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Thursday, September 14, 2017

The NFL's Top 10 Head Coaching Candidates





By Robert Klemko
September 13, 2017

We’re approaching Week 2 of the NFL season, which means a handful of fan bases have a pretty good idea of whether their head coach needs replacing *cough* Cincinnati *cough*. During my training-camp travels this summer, I spoke with 20 current and former NFL personnel executives who make it their business to know who’s got next in the NFL head coaching carousel. (Refer back to this list in December for an idea of how these coaches were regarded before the fortunes and failures of the 2017 season.)

1. Josh McDaniels, offensive coordinator, New England Patriots (age 41): New England’s offensive coordinator since 2012, McDaniels could have had just about any job in the NFL he wanted for the past three offseasons, but hasn’t found the right fit. He’s technically a re-tread after a humbling two-year stint in Denver, but at 41 with a PhD in Belichick-Brady football, he’s far and away the No. 1 coaching free agent.

2. Matt Patricia, defensive coordinator, New England Patriots (age 43): New England’s defensive play-caller runs a bend- don’t-break unit that gets aggressive in the red zone and allowed the fewest points in the NFL last year. He’s a renowned expert on offensive line protections.

3. Teryl Austin, defensive coordinator, Detroit Lions (age 52): Austin’s cut-and-dry, zone-based defense has oscillated from a Top 3 performer to a middling unit that collapsed against the run in last year’s playoff loss at Seattle. The former secondary coach is partly responsible for the development of shutdown corner Darius Slay, and is said to have impressed in his various interview opportunities.

4. Jim Schwartz, defensive coordinator, Philadelphia Eagles (age 51): The former Lions head coach has led the transformation of a defensive unit that ranked near the bottom of the NFL in points and yards allowed in 2015. Schwartz coaches in profanities and has an abrasive reputation with some around the league.

5. Steve Spagnuolo, defensive coordinator, New York Giants (age 57): He runs a complicated, heavy-blitzing defense that has begun to put all the pieces together. The former Rams head coach is one of the most unpredictable defensive play-callers in football, with a knack for putting one-dimensional players in a position to thrive.

6. Jim Bob Cooter, offensive coordinator, Detroit Lions (age 33): Detroit’s offensive coordinator since 2015, Cooter distilled the offense for Matthew Stafford, utilizing a slower pace and a diversity of formations to take advantage of Stafford’s ability to judge defenses in pre-snap. For Cooter, much will hinge on an offensive boon in Year 3.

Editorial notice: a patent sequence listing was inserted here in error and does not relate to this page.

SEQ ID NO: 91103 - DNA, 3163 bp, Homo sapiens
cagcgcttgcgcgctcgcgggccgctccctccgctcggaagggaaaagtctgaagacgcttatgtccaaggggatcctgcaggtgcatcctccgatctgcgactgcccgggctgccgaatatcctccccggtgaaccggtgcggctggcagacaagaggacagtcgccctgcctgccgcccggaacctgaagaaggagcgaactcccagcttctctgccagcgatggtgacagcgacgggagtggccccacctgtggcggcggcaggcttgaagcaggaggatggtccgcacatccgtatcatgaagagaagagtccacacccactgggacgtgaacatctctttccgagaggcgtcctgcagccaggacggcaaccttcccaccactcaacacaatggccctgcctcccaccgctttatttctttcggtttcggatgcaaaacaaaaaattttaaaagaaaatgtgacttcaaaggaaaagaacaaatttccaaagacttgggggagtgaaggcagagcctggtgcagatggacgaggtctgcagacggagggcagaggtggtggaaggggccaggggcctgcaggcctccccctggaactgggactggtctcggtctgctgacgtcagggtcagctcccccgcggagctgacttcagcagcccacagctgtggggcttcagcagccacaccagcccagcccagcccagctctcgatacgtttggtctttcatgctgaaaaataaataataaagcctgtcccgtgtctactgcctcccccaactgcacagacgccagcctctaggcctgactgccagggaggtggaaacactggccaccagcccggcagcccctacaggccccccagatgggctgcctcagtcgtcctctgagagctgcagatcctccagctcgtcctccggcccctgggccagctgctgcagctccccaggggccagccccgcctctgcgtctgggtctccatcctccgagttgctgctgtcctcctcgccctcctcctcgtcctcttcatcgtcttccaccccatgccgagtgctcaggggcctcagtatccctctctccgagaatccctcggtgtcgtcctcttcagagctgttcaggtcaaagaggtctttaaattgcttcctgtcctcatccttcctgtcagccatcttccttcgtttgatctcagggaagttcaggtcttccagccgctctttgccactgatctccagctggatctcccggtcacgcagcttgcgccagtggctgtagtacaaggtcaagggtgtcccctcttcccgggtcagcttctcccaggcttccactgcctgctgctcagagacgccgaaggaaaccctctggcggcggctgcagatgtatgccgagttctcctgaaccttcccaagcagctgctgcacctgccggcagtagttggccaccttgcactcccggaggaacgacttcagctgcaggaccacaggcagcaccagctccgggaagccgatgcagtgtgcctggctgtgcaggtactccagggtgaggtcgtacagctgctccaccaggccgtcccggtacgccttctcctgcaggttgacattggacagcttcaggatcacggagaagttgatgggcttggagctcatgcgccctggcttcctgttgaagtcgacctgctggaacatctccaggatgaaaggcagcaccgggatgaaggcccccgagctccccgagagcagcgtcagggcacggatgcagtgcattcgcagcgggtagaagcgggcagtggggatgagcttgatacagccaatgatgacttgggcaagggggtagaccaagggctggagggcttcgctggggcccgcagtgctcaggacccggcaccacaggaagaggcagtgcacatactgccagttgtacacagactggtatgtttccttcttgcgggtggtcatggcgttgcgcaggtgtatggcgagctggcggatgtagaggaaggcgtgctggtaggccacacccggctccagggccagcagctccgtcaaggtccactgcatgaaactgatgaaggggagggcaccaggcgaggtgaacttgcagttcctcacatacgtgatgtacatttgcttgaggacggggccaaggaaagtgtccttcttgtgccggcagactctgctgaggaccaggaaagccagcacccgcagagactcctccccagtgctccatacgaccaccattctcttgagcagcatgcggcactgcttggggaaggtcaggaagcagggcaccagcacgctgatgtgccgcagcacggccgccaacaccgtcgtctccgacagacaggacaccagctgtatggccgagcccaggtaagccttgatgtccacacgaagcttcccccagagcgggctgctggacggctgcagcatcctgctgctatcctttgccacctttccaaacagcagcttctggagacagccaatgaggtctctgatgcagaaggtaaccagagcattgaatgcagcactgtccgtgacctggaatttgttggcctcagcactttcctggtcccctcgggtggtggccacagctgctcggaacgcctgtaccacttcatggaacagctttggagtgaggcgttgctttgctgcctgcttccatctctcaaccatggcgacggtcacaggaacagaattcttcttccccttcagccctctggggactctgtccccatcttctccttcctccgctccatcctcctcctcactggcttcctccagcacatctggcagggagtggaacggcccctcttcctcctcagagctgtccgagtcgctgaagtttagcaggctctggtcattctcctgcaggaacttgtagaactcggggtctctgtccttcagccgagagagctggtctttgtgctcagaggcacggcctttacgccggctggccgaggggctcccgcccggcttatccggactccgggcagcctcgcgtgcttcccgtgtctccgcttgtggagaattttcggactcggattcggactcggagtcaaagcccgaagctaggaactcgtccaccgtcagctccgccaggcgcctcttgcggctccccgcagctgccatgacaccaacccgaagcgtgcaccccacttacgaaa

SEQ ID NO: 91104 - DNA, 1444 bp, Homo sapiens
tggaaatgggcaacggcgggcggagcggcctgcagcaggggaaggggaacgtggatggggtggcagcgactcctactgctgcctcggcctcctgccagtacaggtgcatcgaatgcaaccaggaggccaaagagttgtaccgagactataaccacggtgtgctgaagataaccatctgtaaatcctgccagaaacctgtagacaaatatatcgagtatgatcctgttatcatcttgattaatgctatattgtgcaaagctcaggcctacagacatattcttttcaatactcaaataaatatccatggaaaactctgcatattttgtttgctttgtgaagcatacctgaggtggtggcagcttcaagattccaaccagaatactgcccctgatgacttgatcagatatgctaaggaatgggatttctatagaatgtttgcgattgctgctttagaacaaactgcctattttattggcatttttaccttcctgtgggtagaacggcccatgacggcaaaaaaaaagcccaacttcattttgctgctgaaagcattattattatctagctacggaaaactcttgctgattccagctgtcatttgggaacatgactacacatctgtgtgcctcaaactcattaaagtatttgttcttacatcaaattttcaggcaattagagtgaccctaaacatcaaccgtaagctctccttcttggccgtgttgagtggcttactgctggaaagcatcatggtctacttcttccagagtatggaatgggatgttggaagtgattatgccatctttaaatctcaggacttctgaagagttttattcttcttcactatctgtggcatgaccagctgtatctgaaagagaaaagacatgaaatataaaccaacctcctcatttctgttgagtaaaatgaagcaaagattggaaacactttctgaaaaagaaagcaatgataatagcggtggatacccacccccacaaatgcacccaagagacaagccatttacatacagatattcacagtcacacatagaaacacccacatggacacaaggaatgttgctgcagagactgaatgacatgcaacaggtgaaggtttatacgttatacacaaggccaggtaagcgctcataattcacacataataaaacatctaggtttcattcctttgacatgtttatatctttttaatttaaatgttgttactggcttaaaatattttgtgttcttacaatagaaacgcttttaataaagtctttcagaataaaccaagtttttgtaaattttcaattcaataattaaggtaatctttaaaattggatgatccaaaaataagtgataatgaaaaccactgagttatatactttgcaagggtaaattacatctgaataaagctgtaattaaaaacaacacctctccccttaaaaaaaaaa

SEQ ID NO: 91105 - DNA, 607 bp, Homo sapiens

7. Kris Richard, defensive coordinator, Seattle Seahawks (age 37): The former NFL defensive back has quietly diversified and expanded Seattle’s base Cover 3 defense and added more blitzing and man coverage than predecessors Gus Bradley and Dan Quinn, both of whom got head-coaching opportunities after stints in Seattle. Richard, like many Carroll protégés, will interview very well and will benefit from a Quinn endorsement.

8. Mike Vrabel, defensive coordinator, Houston Texans (age 42): Another Belichick disciple, Vrabel had a leadership role in arguably football’s best defense in 2016, and now takes over as defensive coordinator with Romeo Crennel moving to assistant head coach. Considered a tremendous motivator, Vrabel would be one of the most successful former players to ever become a head coach.

9. Dave Toub, special teams coordinator, Kansas City Chiefs (age 55): Considered one of the great special teams coaches of all time, Toub, 55, helped develop Devin Hester into arguably the greatest return man in NFL history during his decade in Chicago. If a special teams coach is going to get the nod to lead an NFL team in the near future, it will be Toub.

10. Marquand Manuel, defensive coordinator, Atlanta Falcons (age 38): Dan Quinn handed over the reins of Atlanta’s defense, including playcalling, to this former defensive back from Miami. That’s a big deal for Quinn, who opted for Steve Sarkisian to replace Kyle Shanahan on the offensive side, in part, because he preferred an experienced playcaller.

NOTABLE: Mike Smith, Pat Shurmur, Harold Goodwin, Scott Linehan, Todd Haley, Paul Guenther, Mike McCoy, Darrell Bevell, Frank Reich

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